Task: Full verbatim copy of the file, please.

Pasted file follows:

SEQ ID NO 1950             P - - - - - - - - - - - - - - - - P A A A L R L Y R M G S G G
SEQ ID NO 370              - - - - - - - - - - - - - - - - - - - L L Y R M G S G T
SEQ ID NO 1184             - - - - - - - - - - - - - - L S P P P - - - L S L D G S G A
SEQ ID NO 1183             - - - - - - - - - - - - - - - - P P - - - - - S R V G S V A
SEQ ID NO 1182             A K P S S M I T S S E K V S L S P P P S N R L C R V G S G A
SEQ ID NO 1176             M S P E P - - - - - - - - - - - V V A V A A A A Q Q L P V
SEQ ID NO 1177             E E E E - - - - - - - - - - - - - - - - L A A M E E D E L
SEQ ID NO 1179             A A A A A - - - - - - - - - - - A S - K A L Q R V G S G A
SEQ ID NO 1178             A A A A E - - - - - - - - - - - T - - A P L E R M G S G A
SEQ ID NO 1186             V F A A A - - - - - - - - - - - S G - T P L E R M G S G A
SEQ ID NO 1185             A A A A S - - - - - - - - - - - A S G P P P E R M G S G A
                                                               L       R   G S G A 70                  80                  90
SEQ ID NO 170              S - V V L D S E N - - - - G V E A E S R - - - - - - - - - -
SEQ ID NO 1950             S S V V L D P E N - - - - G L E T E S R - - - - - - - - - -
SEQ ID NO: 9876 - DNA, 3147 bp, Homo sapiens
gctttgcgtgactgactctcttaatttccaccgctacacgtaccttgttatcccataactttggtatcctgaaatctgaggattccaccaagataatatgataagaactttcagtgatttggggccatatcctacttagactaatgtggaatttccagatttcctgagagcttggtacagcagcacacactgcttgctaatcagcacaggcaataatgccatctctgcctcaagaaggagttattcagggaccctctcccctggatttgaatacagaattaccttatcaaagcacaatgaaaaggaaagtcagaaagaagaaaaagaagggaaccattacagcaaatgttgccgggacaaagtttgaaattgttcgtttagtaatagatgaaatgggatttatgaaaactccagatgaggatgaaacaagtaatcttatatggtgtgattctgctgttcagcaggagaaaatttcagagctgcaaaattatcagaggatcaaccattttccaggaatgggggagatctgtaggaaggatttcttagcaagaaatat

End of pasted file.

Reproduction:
SEQ ID NO 1950             P - - - - - - - - - - - - - - - - P A A A L R L Y R M G S G G
SEQ ID NO 370              - - - - - - - - - - - - - - - - - - - L L Y R M G S G T
SEQ ID NO 1184             - - - - - - - - - - - - - - L S P P P - - - L S L D G S G A
SEQ ID NO 1183             - - - - - - - - - - - - - - - - P P - - - - - S R V G S V A
SEQ ID NO 1182             A K P S S M I T S S E K V S L S P P P S N R L C R V G S G A
SEQ ID NO 1176             M S P E P - - - - - - - - - - - V V A V A A A A Q Q L P V
SEQ ID NO 1177             E E E E - - - - - - - - - - - - - - - - L A A M E E D E L
SEQ ID NO 1179             A A A A A - - - - - - - - - - - A S - K A L Q R V G S G A
SEQ ID NO 1178             A A A A E - - - - - - - - - - - T - - A P L E R M G S G A
SEQ ID NO 1186             V F A A A - - - - - - - - - - - S G - T P L E R M G S G A
SEQ ID NO 1185             A A A A S - - - - - - - - - - - A S G P P P E R M G S G A
                                                               L       R   G S G A 70                  80                  90
SEQ ID NO 170              S - V V L D S E N - - - - G V E A E S R - - - - - - - - - -
SEQ ID NO 1950             S S V V L D P E N - - - - G L E T E S R - - - - - - - - - -
SEQ ID NO: 9876 - DNA, 3147 bp, Homo sapiens
gctttgcgtgactgactctcttaatttccaccgctacacgtaccttgttatcccataactttggtatcctgaaatctgaggattccaccaagataatatgataagaactttcagtgatttggggccatatcctacttagactaatgtggaatttccagatttcctgagagcttggtacagcagcacacactgcttgctaatcagcacaggcaataatgccatctctgcctcaagaaggagttattcagggaccctctcccctggatttgaatacagaattaccttatcaaagcacaatgaaaaggaaagtcagaaagaagaaaaagaagggaaccattacagcaaatgttgccgggacaaagtttgaaattgttcgtttagtaatagatgaaatgggatttatgaaaactccagatgaggatgaaacaagtaatcttatatggtgtgattctgctgttcagcaggagaaaatttcagagctgcaaaattatcagaggatcaaccattttccaggaatgggggagatctgtaggaaggatttcttagcaagaaatat